Scientists Reaffirm General Relativity By Studying Milky Way Black Hole

Our concept of everything hasn’t been the same since 1905 when Albert Einstein, a math prodigy who had received his PhD from the University of Zurich this same year, published four groundbreaking papers. One of these papers was the now well-known theory of Special Relativity.

This theory taken together with Einstein’s later theory of General Relativity is one of the two pillars of modern physics. The other pillar is the theory of Quantum Mechanics.

Special relativity states the laws of physics are the same for all non-accelerating observers. It also argues the speed of light in a vacuum is independent of the motion of all observers.

Science has marched inexorably onward in the 114 years since the publication of Special Relativity. And, since its the trademark of true science, Special Relativity has been constantly poked-at and challenged but has never been found wanting.

So, too, has General Relativity, which states massive objects cause a distortion or curvature in space-time, that is felt as gravity. Einstein's theory is still the best description we have of how gravity works outside a black hole.

"General Relativity, however, is beginning to fray at the edges but is still holding-up," Dr. Andrea Ghez, a UCLA professor of physics and astronomy, whose research team’s study of a star's orbit near a supermassive black hole gave us a clearer look into how gravity behaves, said. She also holds the Lauren B. Leichtman and Arthur E. Levine Chair in Astrophysics.

In the process, researchers reaffirmed General Relativity since the theory can’t adequately explain what exactly a black hole is.

"Einstein's right, at least for now," Dr. Ghez, a co-lead author of the research, said. "We can absolutely rule out Newton's law of gravity. Our observations are consistent with Einstein's theory of General Relativity.”

Dr. Ghez, however, said General Relativity is definitely showing vulnerability since it can’t fully explain gravity inside a black hole. She noted that at some point, scientists “will need to move beyond Einstein's theory to a more comprehensive theory of gravity that explains what a black hole is."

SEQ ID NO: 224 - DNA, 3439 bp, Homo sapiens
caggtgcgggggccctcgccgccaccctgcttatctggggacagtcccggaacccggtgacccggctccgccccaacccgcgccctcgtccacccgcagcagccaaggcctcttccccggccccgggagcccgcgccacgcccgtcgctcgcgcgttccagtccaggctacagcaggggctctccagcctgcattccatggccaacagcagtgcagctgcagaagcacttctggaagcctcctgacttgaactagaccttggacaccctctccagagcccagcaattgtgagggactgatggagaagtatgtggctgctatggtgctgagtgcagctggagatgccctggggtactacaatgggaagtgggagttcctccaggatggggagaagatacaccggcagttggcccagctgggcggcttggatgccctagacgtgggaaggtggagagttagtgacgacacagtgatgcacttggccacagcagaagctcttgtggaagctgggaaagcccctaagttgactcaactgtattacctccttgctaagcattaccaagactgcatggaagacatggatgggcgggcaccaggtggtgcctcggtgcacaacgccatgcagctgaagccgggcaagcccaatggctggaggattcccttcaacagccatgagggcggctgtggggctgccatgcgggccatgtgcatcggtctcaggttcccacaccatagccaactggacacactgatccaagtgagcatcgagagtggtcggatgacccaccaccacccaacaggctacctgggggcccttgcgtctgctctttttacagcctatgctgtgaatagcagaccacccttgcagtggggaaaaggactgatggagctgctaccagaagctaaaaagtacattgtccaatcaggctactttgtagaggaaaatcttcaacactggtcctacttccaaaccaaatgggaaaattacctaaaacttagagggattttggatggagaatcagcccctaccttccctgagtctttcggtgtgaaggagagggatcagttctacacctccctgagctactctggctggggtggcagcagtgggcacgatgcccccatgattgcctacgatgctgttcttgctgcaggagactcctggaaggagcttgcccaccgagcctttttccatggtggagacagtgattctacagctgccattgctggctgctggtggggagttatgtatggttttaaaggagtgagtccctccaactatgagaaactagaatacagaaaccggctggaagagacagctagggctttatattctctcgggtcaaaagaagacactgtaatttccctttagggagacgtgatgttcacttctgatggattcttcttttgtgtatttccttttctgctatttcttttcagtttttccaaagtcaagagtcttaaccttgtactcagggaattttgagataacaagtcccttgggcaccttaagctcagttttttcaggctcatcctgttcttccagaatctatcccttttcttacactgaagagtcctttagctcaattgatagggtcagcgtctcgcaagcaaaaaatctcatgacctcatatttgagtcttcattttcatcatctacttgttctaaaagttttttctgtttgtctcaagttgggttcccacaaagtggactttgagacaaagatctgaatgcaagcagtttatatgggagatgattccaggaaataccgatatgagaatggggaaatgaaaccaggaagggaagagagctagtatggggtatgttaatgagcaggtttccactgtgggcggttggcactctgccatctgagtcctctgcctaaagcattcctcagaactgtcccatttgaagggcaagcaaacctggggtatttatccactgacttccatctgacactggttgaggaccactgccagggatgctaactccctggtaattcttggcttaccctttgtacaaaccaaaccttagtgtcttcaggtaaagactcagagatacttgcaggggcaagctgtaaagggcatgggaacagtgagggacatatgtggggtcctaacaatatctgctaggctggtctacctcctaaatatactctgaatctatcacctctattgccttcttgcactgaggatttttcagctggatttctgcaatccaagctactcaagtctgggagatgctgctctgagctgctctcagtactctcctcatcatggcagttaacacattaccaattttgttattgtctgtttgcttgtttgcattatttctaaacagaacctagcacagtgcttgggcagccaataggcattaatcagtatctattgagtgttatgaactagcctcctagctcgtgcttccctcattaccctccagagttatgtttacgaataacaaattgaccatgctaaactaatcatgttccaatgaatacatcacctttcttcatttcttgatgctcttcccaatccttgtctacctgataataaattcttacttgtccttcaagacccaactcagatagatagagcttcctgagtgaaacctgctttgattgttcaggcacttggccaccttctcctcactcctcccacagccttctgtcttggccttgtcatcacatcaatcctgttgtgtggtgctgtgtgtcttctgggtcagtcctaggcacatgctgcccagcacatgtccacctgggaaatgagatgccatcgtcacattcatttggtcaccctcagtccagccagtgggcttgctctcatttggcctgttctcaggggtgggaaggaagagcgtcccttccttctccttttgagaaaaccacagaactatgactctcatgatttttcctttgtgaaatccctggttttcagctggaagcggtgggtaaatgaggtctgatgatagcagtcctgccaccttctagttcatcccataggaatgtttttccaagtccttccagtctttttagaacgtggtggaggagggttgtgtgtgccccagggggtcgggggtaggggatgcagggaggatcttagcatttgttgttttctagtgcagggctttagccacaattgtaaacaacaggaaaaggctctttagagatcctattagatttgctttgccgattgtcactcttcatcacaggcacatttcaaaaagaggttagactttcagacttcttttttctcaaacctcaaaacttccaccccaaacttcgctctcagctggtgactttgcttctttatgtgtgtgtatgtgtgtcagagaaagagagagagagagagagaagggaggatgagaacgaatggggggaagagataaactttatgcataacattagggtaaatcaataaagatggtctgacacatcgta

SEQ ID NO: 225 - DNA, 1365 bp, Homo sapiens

Dr. Ghez and her UCLA-led team of astronomers made direct measurements of the phenomenon near a supermassive black hole in an approach she calls "extreme astrophysics."

She said her research team is one of only two groups in the world to watch a star known as S0-2 made a complete orbit in three dimensions around the supermassive black hole called Sagittarius A* at the center of the Milky Way. They were able to see the co-mingling of space and time near the supermassive black hole.

The work of Dr. Ghez and her team is the most detailed study ever conducted into the Sagittarius A* and Einstein's theory of General Relativity.

S0-2’s full orbit takes 16 years, and the black hole's mass is about four million times that of our Sun. Researchers studied photons (or particles of light) as they traveled from S0-2 to Earth. S0-2 moved around Sagittarius A* at the incredible speed of more than 16 million miles per hour at its closest approach because near a black hole, gravity is much stronger than on Earth.

S0-2 A star known as S0-2 (the blue and green object in this artist's rendering) made its closest approach to the supermassive black hole at the center of the Milky Way in 2018. Andrea Ghez's research team conducted the most comprehensive test ever of Albert Einstein's theory of general relativity near this enormous black hole. Nicolle R. Fuller/National Science Foundation

The key data in the research were spectra analyzed this April, May and September as her "favorite star" made its closest approach to the enormous Sagittarius A*. Spectra (or the "rainbow of light" from stars, according to Dr. Ghez) showed the intensity of light and offered important information about the star from which the light travels.

Spectra also showed the composition of the star. These data were combined with measurements Dr. Ghez and her team have made over the last 24 years. Spectra was collected at the W.M. Keck Observatory in Hawaii using a spectrograph built at UCLA by a team led by colleague James Larkin.

Dr. Ghez said Larkin's instrument took light from a star and dispersed it, similar to the way raindrops disperse light from the sun to create a rainbow. It provided the third dimension, and revealed the star's motion at a level of precision not previously attained.

"What's so special about S0-2 is we have its complete orbit in three dimensions," she said. "That's what gives us the entry ticket into the tests of general relativity.

“We asked how gravity behaves near a supermassive black hole and whether Einstein's theory is telling us the full story. Seeing stars go through their complete orbit provides the first opportunity to test fundamental physics using the motions of these stars."

She said that in Newton's version of gravity, space and time are separate, and don’t co-mingle but under Einstein, they are completely co-mingled near a black hole.

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